Boiled eggs, eaten whole.
This doesn't include other eggs that also may be eaten in the day, which might be cooked differently (Scrambled, poached, sunny-side, etc.) or added to baked recipes.
How many is too many eggs per day?
I see a nutritionist who wants me to increase my body fat percentage. One of her recommendations is to eat 4 eggs for breakfast. She didn't seem concerned at all about me eating lots of eggs. This advice may change depending on your body type/weight goals. Anecdotally I worked with an Afghani man who would eat 6-8 hard boiled eggs per day. He was very fit and healthy, though I wouldn't have wanted to share a bedroom.
If you are able to see a nutritionist they would be much better equipped to answer questions like this. Every body is different and everyone has different goals/needs.
That makes a lot of sense. Great insight. I guess my question doesn't really make sense when asking about the general population. Cheers, Funkrat.
Too many eggs? 🤔
Hahaha! Love it!
As a dietitian, my answer depends on a person's genetic predisposition. In some individuals, frequent egg consumption likely does contribute to higher cholesterol (but the overall diet context matters). Generally speaking, reducing egg yolk consumption will likely yield a reduced LDL cholesterol in most but the size of the effect is very individual and is dependent upon what else someone is eating.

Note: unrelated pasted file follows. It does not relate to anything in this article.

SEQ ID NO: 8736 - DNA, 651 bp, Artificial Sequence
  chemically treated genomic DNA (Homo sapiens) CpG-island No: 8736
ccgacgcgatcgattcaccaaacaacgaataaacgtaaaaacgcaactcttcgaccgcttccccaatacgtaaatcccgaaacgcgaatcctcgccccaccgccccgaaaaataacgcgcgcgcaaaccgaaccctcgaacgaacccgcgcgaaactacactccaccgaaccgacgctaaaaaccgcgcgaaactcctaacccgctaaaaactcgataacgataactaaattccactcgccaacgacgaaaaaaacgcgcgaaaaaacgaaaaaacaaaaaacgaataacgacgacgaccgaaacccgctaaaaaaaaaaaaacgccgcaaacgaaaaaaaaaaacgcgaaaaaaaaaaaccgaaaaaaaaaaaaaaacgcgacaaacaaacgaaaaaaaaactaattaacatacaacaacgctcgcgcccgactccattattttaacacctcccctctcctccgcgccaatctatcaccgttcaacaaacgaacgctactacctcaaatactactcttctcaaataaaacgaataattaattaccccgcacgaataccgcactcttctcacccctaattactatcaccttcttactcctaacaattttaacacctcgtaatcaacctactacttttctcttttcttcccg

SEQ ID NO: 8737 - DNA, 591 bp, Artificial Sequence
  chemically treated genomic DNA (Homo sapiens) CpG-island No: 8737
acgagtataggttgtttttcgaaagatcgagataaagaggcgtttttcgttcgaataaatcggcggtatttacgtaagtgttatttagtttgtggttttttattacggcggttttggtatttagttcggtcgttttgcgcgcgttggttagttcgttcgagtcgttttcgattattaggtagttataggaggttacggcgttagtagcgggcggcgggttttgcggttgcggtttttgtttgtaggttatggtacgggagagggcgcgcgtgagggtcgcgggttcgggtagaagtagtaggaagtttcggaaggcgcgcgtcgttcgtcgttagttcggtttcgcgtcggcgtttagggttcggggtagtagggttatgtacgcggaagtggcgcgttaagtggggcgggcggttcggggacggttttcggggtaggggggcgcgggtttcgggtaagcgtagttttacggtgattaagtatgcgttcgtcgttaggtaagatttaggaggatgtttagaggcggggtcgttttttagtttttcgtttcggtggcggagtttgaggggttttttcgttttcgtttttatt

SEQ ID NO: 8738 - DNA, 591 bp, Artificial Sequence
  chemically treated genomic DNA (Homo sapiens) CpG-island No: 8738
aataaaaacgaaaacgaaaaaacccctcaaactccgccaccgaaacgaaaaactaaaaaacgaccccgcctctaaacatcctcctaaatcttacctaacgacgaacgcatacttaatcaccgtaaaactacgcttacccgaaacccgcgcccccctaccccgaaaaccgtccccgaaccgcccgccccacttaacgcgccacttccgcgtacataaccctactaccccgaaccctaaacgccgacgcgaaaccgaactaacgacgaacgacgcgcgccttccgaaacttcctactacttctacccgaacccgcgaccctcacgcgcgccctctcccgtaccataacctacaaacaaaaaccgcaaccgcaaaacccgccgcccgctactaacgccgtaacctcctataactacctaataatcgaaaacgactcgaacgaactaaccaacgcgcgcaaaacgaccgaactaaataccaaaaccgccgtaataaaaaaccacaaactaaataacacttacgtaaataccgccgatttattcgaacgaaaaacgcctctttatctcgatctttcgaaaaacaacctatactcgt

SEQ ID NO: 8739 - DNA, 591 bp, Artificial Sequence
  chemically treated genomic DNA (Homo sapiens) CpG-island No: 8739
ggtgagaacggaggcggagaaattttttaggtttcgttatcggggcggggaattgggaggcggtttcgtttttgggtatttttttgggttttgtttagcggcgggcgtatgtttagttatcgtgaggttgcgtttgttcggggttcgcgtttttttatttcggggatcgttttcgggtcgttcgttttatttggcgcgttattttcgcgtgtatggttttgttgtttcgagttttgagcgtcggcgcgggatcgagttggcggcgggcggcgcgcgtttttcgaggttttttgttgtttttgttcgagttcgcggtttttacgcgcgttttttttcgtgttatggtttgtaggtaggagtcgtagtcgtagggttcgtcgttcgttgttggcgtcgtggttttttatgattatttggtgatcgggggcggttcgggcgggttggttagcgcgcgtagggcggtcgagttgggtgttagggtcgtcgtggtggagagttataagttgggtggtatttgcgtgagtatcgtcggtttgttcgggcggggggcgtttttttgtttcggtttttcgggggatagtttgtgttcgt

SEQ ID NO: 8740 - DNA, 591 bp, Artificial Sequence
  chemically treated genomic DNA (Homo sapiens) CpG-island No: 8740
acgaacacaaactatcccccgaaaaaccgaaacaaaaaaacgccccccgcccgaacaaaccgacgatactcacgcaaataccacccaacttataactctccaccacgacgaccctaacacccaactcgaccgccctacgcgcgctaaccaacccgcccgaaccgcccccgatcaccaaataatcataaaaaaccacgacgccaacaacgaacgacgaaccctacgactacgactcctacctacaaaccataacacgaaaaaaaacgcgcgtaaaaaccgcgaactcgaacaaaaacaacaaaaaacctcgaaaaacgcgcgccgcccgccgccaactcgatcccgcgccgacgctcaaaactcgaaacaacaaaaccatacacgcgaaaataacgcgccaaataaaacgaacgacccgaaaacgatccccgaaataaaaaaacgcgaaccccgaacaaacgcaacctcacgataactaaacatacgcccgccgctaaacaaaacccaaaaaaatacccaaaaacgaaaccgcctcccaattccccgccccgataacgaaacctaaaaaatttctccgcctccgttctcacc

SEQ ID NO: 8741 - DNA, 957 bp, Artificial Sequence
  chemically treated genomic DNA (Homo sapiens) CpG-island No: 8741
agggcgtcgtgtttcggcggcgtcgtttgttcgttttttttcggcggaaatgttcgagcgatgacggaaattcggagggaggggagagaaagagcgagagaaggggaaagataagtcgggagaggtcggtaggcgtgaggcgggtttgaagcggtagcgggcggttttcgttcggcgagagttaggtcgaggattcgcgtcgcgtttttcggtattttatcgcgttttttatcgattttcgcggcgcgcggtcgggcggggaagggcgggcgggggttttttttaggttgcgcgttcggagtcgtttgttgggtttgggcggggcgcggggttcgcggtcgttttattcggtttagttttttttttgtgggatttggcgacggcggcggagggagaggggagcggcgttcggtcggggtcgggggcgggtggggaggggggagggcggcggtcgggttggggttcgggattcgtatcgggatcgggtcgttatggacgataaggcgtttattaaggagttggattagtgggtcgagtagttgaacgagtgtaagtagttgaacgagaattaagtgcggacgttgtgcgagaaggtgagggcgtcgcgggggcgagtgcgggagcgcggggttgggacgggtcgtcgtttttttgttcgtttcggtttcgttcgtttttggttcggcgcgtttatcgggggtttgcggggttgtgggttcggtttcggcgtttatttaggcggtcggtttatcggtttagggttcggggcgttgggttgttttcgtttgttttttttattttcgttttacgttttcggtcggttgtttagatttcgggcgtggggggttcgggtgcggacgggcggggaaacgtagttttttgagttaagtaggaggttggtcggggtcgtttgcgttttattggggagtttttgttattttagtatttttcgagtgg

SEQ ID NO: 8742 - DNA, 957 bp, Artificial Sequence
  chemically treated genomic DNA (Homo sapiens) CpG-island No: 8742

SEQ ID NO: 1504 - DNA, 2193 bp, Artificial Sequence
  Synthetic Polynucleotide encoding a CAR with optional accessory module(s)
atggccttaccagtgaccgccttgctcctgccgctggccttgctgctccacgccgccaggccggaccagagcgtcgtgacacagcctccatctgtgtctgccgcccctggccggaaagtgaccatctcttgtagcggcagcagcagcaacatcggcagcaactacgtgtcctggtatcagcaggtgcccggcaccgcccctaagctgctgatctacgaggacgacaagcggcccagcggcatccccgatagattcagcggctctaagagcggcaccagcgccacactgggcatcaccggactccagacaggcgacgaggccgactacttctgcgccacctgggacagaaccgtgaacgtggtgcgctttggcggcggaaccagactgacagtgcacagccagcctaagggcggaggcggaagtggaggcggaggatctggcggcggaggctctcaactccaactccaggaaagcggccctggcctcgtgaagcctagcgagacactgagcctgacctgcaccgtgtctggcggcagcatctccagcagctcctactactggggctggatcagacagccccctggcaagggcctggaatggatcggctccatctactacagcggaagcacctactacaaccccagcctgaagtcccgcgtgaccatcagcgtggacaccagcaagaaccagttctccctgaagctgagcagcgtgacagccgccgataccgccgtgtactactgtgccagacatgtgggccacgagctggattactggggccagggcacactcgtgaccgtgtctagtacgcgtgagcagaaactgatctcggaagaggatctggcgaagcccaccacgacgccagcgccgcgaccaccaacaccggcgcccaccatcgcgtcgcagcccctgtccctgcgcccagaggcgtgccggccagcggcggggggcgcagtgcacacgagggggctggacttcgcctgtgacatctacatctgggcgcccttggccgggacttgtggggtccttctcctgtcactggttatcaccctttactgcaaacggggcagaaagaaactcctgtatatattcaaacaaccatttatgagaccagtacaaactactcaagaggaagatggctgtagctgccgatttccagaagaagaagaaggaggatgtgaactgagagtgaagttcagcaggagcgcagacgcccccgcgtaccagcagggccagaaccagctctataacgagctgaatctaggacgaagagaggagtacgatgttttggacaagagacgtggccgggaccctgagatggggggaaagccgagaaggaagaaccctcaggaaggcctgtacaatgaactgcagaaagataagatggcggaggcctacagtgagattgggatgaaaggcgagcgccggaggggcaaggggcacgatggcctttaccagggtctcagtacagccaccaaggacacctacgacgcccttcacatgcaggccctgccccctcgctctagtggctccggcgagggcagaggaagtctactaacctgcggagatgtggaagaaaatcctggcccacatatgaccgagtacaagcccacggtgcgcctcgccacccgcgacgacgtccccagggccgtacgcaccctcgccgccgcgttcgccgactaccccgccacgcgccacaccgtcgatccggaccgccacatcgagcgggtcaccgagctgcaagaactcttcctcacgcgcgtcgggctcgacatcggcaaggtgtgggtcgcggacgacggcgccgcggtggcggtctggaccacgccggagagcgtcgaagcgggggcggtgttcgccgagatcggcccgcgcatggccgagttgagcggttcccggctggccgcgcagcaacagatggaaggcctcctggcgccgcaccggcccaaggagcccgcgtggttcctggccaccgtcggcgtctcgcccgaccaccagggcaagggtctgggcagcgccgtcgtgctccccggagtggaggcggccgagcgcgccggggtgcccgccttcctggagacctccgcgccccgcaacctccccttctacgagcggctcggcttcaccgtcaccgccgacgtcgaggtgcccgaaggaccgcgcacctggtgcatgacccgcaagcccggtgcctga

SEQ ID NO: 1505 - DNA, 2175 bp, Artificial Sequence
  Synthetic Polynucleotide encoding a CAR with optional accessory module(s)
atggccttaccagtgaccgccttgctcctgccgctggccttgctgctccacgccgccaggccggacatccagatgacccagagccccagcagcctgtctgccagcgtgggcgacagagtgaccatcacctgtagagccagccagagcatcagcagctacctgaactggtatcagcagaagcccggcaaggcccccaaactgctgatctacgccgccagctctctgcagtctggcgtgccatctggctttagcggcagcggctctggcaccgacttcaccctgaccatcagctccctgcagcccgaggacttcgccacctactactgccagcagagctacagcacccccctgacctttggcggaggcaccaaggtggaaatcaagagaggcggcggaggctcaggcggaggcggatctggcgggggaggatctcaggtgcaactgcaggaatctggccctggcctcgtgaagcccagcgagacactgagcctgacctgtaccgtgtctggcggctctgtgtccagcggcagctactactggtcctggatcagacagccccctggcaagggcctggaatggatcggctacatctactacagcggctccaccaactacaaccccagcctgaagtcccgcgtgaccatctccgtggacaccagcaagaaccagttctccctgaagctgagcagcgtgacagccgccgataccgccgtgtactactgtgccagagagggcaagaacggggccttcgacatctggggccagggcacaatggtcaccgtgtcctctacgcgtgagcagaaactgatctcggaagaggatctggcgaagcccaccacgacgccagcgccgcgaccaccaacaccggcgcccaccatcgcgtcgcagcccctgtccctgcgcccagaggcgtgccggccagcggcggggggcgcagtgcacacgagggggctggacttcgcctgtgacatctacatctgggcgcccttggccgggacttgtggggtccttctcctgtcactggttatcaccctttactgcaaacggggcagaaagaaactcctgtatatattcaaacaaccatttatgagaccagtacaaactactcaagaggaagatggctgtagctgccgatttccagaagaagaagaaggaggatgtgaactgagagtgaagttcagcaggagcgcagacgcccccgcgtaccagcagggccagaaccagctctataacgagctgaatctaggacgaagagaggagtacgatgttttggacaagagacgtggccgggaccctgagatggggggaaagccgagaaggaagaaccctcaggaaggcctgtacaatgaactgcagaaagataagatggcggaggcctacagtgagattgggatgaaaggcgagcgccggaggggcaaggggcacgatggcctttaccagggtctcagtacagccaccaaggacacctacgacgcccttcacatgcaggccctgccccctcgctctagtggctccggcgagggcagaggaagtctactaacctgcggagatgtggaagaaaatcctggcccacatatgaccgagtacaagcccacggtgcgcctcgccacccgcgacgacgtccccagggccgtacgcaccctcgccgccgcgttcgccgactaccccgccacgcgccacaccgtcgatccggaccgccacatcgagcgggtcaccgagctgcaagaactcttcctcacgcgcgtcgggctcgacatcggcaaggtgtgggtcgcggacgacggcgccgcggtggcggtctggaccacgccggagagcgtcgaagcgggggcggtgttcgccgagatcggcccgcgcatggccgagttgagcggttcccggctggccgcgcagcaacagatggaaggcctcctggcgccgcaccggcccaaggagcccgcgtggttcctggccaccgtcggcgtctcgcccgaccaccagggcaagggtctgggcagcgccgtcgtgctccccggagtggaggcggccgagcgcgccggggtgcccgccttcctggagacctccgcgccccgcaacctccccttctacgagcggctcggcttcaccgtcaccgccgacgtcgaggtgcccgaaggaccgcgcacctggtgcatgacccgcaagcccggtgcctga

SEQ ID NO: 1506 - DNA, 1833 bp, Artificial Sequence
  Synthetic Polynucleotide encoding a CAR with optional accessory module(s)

If you really want to know, I'd simply compare your lipid stats before/after increasing egg intake.
Susan Macfarlane, MScA, RD
Registered Dietitian Nutritionist
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Some dietary factions urge you to avoid eggs while others insist that eggs are a superfood.
If you're not sure what to believe, you can hedge your bets by compromising. You could eat one egg per day or one egg every few days. If eating eggs is bad for your health, you limit the damage. If eggs really are a superfood with nutrients that no other food has, you don't miss out.
I eat an entire soft boiled egg every day, and I mean the entire egg shell included. The shell is full of bioavailable calcium and same the membrane for collagen. I believe the common consensus now is that dietary cholesterol (ie. eggs) is not a factor for your overall cholesterol levels to be concerned about. But I defer to Susan who knows her stuff.